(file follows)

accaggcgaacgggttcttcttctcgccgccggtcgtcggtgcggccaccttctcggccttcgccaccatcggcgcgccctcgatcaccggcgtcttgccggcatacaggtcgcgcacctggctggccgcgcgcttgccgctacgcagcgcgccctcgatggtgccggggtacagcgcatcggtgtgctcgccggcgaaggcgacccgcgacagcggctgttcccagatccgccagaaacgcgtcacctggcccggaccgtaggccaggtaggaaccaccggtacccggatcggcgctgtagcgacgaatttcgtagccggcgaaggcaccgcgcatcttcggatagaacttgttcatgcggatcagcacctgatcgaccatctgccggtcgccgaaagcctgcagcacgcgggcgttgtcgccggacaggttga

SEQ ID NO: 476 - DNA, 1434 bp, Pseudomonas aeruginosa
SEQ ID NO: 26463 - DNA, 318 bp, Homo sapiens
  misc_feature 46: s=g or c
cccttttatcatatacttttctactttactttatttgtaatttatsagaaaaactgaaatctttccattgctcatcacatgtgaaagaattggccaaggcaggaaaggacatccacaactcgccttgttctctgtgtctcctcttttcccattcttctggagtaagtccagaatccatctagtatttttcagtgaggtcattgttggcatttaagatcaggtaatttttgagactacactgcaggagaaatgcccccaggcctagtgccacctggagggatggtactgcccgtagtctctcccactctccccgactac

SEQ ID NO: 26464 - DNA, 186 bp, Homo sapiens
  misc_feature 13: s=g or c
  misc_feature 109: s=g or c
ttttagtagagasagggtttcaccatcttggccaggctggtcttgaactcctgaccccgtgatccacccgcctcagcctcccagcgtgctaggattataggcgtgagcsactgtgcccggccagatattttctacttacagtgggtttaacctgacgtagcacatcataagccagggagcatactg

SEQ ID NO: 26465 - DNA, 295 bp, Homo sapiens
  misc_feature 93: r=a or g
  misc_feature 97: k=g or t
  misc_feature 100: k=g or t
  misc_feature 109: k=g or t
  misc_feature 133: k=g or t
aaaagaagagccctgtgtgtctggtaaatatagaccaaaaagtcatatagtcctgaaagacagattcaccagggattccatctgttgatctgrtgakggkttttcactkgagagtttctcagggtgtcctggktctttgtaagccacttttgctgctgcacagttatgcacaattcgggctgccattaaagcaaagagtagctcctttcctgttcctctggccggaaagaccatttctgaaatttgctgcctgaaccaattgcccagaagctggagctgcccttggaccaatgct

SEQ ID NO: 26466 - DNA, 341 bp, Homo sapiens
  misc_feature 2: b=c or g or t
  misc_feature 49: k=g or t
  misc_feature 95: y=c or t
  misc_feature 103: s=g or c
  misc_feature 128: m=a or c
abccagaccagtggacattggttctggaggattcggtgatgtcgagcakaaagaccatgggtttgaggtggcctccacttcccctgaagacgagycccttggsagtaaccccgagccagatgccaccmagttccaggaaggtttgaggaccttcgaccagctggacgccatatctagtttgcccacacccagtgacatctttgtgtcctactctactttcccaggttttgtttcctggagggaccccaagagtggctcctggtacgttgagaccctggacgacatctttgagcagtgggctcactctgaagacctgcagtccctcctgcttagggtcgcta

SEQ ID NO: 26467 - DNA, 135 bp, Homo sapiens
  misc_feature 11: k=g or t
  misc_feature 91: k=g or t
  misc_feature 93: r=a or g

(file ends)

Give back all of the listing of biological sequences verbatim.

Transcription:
accaggcgaacgggttcttcttctcgccgccggtcgtcggtgcggccaccttctcggccttcgccaccatcggcgcgccctcgatcaccggcgtcttgccggcatacaggtcgcgcacctggctggccgcgcgcttgccgctacgcagcgcgccctcgatggtgccggggtacagcgcatcggtgtgctcgccggcgaaggcgacccgcgacagcggctgttcccagatccgccagaaacgcgtcacctggcccggaccgtaggccaggtaggaaccaccggtacccggatcggcgctgtagcgacgaatttcgtagccggcgaaggcaccgcgcatcttcggatagaacttgttcatgcggatcagcacctgatcgaccatctgccggtcgccgaaagcctgcagcacgcgggcgttgtcgccggacaggttga

SEQ ID NO: 476 - DNA, 1434 bp, Pseudomonas aeruginosa
SEQ ID NO: 26463 - DNA, 318 bp, Homo sapiens
  misc_feature 46: s=g or c
cccttttatcatatacttttctactttactttatttgtaatttatsagaaaaactgaaatctttccattgctcatcacatgtgaaagaattggccaaggcaggaaaggacatccacaactcgccttgttctctgtgtctcctcttttcccattcttctggagtaagtccagaatccatctagtatttttcagtgaggtcattgttggcatttaagatcaggtaatttttgagactacactgcaggagaaatgcccccaggcctagtgccacctggagggatggtactgcccgtagtctctcccactctccccgactac

SEQ ID NO: 26464 - DNA, 186 bp, Homo sapiens
  misc_feature 13: s=g or c
  misc_feature 109: s=g or c
ttttagtagagasagggtttcaccatcttggccaggctggtcttgaactcctgaccccgtgatccacccgcctcagcctcccagcgtgctaggattataggcgtgagcsactgtgcccggccagatattttctacttacagtgggtttaacctgacgtagcacatcataagccagggagcatactg

SEQ ID NO: 26465 - DNA, 295 bp, Homo sapiens
  misc_feature 93: r=a or g
  misc_feature 97: k=g or t
  misc_feature 100: k=g or t
  misc_feature 109: k=g or t
  misc_feature 133: k=g or t
aaaagaagagccctgtgtgtctggtaaatatagaccaaaaagtcatatagtcctgaaagacagattcaccagggattccatctgttgatctgrtgakggkttttcactkgagagtttctcagggtgtcctggktctttgtaagccacttttgctgctgcacagttatgcacaattcgggctgccattaaagcaaagagtagctcctttcctgttcctctggccggaaagaccatttctgaaatttgctgcctgaaccaattgcccagaagctggagctgcccttggaccaatgct

SEQ ID NO: 26466 - DNA, 341 bp, Homo sapiens
  misc_feature 2: b=c or g or t
  misc_feature 49: k=g or t
  misc_feature 95: y=c or t
  misc_feature 103: s=g or c
  misc_feature 128: m=a or c
abccagaccagtggacattggttctggaggattcggtgatgtcgagcakaaagaccatgggtttgaggtggcctccacttcccctgaagacgagycccttggsagtaaccccgagccagatgccaccmagttccaggaaggtttgaggaccttcgaccagctggacgccatatctagtttgcccacacccagtgacatctttgtgtcctactctactttcccaggttttgtttcctggagggaccccaagagtggctcctggtacgttgagaccctggacgacatctttgagcagtgggctcactctgaagacctgcagtccctcctgcttagggtcgcta

SEQ ID NO: 26467 - DNA, 135 bp, Homo sapiens
  misc_feature 11: k=g or t
  misc_feature 91: k=g or t
  misc_feature 93: r=a or g